Guest Blog: How to Overcome Your Dental Phobia

Sunday 17 November 2019

Dental phobia is a common condition that affects many children, adolescents, and adults. Some may experience intense anxiety in days preceding the dental visit, visible stress or panic at the dental practice, or even low blood pressure during dental visits. However, there are ways to overcome this phobia so you can enjoy a more relaxing dentist visit.

1. Take medication if need be

Sometimes, a little bit of medication can take the edge off dental phobia. If you tend to feel oral discomfort when you visit the dentist, consider taking an over-the-counter pain medication beforehand. If you are extremely nervous, ask your dentist if they offer anti-anxiety medication before your appointment.

Some dentists provide sedation dentistry, where patients are given nitrous oxide to help them relax. This can have a number of profound benefits. Because nitrous oxide induces a sense of peace and euphoria, it not only temporarily removes your anxieties and blocks sensations of discomfort, but it can also help you build positive memories around the dental surgery.

2. Take your time to prepare for treatments

Take your time to build a positive relationship with your dentist and to overcome your fear. These things don’t always happen overnight, but there are several ways by which you can work to decrease your anxiety.

Take your time before your appointment. Seek out a dentist who understands dental phobia and is willing to work with you. Ask your family and friends for dentist recommendations.  Try not to be in a rush on the day of your appointment.

If possible, relax beforehand and take some time to prepare yourself mentally. However, it’s also helpful to pick an appointment time earlier in the day, so you have less of an opportunity to dwell on the upcoming dental visit.

3. Practice breathing exercises

Before you begin your treatment, ask your dentist if they can give you advice on breathing techniques to help you remain calm during your appointment. Before your appointment, remember to breathe deeply and into your belly. Diaphragmatic breathing is a popular meditation and relaxation technique that helps dispel stress and promote a sense of groundedness and calm.

4. Visit your dentist regularly

To reduce the extent of your dental phobia, try to visit the dentist regularly. Going for long periods between visits can increase your anxiety, as the dentist will feel even more unfamiliar. However, if you regularly visit a dental practice, you will begin to build a relationship with your dentist and start to feel a level of trust. While the idea of regular dental visits may seem intimidating, it is one of the best ways to lessen your dental phobia.

5. Understand dental procedures

Another way to lessen your dental phobia is to understand different dental procedures. If you have to get a filling, for instance, educate yourself on what the treatment entails. If you are ever uncertain about a step of a procedure while visiting your dentist, ask about it. Sometimes, knowing what’s coming next in a dental procedure can take the edge off your anxiety and help you feel much more comfortable.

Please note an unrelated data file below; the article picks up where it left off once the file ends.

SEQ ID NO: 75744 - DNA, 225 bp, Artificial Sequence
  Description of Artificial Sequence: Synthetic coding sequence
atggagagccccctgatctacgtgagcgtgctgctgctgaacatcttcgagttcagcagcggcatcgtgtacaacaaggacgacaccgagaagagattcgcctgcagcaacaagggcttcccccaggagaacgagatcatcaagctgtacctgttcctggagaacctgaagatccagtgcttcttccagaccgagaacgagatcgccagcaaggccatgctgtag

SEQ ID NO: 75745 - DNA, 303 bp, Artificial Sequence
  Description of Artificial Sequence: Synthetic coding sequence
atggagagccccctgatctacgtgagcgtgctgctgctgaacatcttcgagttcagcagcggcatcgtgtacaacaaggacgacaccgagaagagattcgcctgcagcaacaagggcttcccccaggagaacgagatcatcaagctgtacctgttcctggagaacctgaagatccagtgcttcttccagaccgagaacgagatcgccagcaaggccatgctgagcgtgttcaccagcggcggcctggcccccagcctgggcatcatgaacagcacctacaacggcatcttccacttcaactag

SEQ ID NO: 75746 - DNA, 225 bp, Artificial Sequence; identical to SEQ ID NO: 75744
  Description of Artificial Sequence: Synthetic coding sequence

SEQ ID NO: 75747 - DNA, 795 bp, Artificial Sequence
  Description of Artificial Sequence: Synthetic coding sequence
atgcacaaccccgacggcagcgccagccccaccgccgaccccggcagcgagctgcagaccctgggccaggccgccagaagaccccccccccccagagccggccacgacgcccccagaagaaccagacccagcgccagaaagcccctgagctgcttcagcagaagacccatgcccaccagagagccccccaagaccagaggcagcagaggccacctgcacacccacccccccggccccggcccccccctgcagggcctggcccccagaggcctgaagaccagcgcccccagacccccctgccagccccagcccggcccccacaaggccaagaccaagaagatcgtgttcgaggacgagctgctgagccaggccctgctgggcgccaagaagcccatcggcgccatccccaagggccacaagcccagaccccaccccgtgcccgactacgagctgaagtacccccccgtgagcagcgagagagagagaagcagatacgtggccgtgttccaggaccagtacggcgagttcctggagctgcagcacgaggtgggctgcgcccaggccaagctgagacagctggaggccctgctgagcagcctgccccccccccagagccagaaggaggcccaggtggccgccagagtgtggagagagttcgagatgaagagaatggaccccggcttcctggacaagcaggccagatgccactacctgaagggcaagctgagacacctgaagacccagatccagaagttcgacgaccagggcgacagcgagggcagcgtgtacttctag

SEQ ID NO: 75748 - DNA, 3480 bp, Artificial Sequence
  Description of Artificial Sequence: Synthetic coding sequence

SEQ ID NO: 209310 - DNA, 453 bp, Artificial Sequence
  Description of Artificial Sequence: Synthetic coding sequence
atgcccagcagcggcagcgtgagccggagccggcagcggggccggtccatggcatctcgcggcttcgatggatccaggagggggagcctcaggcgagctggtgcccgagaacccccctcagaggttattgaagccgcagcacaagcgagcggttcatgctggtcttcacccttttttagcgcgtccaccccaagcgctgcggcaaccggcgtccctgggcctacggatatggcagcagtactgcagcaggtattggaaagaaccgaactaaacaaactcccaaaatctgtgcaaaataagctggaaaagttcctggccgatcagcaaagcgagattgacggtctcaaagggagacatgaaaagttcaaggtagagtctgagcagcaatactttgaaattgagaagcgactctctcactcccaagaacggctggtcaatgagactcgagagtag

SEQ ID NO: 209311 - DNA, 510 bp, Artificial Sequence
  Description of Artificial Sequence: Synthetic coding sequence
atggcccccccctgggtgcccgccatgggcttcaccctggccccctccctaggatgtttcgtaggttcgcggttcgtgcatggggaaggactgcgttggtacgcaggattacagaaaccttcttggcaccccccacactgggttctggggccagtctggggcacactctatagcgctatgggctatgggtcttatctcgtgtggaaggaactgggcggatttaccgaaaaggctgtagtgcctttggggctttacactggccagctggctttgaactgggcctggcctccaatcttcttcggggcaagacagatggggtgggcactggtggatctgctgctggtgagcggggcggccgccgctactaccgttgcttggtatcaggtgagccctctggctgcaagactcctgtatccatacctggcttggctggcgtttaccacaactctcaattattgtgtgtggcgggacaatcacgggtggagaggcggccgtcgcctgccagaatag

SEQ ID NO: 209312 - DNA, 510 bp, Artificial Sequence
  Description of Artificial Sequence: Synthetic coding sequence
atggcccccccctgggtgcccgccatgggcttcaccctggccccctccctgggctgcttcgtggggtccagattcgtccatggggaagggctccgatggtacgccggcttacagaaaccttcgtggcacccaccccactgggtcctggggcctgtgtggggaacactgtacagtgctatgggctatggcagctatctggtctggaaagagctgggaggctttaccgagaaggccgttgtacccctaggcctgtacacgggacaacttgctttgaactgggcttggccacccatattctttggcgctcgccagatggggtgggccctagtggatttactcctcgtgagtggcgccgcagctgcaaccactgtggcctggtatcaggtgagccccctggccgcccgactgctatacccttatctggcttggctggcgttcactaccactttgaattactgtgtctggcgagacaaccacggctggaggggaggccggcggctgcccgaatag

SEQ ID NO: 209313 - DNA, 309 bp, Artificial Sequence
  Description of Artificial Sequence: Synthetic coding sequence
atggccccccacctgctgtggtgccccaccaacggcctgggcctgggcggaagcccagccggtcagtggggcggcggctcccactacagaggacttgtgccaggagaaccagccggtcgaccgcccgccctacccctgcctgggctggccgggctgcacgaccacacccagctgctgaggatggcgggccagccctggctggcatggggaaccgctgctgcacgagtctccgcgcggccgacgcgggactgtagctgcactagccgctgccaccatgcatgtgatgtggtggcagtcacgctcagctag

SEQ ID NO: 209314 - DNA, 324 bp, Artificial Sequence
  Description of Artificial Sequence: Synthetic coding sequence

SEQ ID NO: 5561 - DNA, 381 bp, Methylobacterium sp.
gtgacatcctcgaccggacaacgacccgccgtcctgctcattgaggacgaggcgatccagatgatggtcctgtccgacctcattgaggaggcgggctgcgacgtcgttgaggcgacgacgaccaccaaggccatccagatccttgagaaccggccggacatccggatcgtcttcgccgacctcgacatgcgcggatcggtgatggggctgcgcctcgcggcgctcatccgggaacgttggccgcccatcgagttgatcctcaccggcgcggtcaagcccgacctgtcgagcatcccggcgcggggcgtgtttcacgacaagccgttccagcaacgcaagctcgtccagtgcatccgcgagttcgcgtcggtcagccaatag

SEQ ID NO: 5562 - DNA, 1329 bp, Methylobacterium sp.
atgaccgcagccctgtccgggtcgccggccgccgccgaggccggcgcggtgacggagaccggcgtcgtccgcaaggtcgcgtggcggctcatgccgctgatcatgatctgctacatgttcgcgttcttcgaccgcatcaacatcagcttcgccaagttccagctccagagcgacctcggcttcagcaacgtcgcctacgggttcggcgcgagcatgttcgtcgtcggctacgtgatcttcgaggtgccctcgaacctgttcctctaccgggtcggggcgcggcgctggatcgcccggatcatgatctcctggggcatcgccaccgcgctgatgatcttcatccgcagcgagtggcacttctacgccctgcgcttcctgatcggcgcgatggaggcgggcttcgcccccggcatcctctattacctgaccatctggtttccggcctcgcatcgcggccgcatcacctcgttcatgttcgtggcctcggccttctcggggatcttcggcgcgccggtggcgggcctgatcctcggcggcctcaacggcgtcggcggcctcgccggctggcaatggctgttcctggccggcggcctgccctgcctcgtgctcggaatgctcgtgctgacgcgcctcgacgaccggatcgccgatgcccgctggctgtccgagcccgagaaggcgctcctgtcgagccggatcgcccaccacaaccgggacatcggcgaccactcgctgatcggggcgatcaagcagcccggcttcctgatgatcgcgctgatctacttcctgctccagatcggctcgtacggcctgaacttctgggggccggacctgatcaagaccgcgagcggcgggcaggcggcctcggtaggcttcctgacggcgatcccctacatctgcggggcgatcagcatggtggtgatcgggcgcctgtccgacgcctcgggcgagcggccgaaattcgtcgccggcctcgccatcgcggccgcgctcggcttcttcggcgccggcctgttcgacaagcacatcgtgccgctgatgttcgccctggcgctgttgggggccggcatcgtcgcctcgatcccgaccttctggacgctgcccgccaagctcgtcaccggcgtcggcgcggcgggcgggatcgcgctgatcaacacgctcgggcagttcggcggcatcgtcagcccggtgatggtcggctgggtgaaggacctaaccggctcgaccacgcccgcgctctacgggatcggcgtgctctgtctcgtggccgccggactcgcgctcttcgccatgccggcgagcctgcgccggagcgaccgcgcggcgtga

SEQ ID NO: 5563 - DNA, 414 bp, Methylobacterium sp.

6. Talk with the practice staff

If you’re ever curious about how to prepare for your next dental appointment, talk to the practice staff. They can help you understand the particulars of each treatment and how to plan and prepare beforehand. In addition, speaking to the staff as you’re searching for a dentist can help you determine if the practice is a good fit for you.

7. Be frank with your dentist about your anxieties

There’s no shame in experiencing dental phobia. Be frank with your dentist about your anxieties. Once you are, you may find that your dentist can offer support and advice that is unique to your specific concerns. For example, a hand signal that means ‘pause treatment’ and allows you to regroup before you complete the rest of a dental procedure, using IV sedation to overcome a severe gag reflex.

It’s just as essential, to be frank with a potential new dentist about your anxieties as it is with a dentist whom you’ve known for years. Being frank with a new dentist can help you determine if they would be a supportive fit for you.

Final thoughts

While dental phobia is a common form of anxiety, it’s also possible to overcome your fears. Take it one step at a time, find a supportive dentist, and remember that you can be open about your concerns as well as your questions. A suitable dentist can offer supportive treatment options to help improve both your dental health and your mental well-being when it comes to dental anxiety.

Disclaimer: This article is contributed by a Guest Blogger. Ping of Health does not give any warranty on accuracy, completeness, functionality, usefulness or other assurances as to the content appearing in this article. Ping of Health disclaims all responsibility for any losses, damage or personal injury suffered directly or indirectly from reliance on such information.